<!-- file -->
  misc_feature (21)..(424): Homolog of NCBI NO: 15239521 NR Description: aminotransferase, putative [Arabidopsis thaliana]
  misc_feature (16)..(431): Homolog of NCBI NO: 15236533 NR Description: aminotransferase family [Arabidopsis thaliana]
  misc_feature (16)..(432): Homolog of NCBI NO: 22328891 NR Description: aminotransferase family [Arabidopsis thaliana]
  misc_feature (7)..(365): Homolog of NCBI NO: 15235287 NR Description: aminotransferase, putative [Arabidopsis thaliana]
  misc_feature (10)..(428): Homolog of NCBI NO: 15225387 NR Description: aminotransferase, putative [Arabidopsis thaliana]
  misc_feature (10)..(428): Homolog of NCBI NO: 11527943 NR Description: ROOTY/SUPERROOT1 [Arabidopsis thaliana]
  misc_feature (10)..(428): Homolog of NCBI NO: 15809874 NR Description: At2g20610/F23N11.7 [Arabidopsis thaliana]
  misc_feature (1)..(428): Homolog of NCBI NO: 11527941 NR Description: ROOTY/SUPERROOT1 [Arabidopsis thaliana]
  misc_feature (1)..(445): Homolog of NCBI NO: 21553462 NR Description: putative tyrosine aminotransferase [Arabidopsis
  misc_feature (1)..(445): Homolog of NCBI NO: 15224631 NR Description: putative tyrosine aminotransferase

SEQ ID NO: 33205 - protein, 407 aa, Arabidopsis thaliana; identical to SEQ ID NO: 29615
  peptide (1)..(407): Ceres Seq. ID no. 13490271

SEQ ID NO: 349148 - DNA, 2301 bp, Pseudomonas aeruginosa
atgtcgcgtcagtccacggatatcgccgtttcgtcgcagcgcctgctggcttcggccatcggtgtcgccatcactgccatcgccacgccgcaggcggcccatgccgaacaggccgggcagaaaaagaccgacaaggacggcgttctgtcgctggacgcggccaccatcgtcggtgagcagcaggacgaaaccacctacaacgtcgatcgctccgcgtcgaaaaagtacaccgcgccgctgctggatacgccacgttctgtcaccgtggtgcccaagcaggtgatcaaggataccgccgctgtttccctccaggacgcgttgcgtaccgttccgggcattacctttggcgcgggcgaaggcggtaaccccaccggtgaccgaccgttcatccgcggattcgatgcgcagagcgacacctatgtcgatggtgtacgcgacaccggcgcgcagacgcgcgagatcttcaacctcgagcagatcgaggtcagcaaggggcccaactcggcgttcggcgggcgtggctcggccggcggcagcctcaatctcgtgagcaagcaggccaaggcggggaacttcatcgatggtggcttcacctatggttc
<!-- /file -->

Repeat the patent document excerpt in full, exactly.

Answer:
  misc_feature (21)..(424): Homolog of NCBI NO: 15239521 NR Description: aminotransferase, putative [Arabidopsis thaliana]
  misc_feature (16)..(431): Homolog of NCBI NO: 15236533 NR Description: aminotransferase family [Arabidopsis thaliana]
  misc_feature (16)..(432): Homolog of NCBI NO: 22328891 NR Description: aminotransferase family [Arabidopsis thaliana]
  misc_feature (7)..(365): Homolog of NCBI NO: 15235287 NR Description: aminotransferase, putative [Arabidopsis thaliana]
  misc_feature (10)..(428): Homolog of NCBI NO: 15225387 NR Description: aminotransferase, putative [Arabidopsis thaliana]
  misc_feature (10)..(428): Homolog of NCBI NO: 11527943 NR Description: ROOTY/SUPERROOT1 [Arabidopsis thaliana]
  misc_feature (10)..(428): Homolog of NCBI NO: 15809874 NR Description: At2g20610/F23N11.7 [Arabidopsis thaliana]
  misc_feature (1)..(428): Homolog of NCBI NO: 11527941 NR Description: ROOTY/SUPERROOT1 [Arabidopsis thaliana]
  misc_feature (1)..(445): Homolog of NCBI NO: 21553462 NR Description: putative tyrosine aminotransferase [Arabidopsis
  misc_feature (1)..(445): Homolog of NCBI NO: 15224631 NR Description: putative tyrosine aminotransferase

SEQ ID NO: 33205 - protein, 407 aa, Arabidopsis thaliana; identical to SEQ ID NO: 29615
  peptide (1)..(407): Ceres Seq. ID no. 13490271

SEQ ID NO: 349148 - DNA, 2301 bp, Pseudomonas aeruginosa
atgtcgcgtcagtccacggatatcgccgtttcgtcgcagcgcctgctggcttcggccatcggtgtcgccatcactgccatcgccacgccgcaggcggcccatgccgaacaggccgggcagaaaaagaccgacaaggacggcgttctgtcgctggacgcggccaccatcgtcggtgagcagcaggacgaaaccacctacaacgtcgatcgctccgcgtcgaaaaagtacaccgcgccgctgctggatacgccacgttctgtcaccgtggtgcccaagcaggtgatcaaggataccgccgctgtttccctccaggacgcgttgcgtaccgttccgggcattacctttggcgcgggcgaaggcggtaaccccaccggtgaccgaccgttcatccgcggattcgatgcgcagagcgacacctatgtcgatggtgtacgcgacaccggcgcgcagacgcgcgagatcttcaacctcgagcagatcgaggtcagcaaggggcccaactcggcgttcggcgggcgtggctcggccggcggcagcctcaatctcgtgagcaagcaggccaaggcggggaacttcatcgatggtggcttcacctatggttc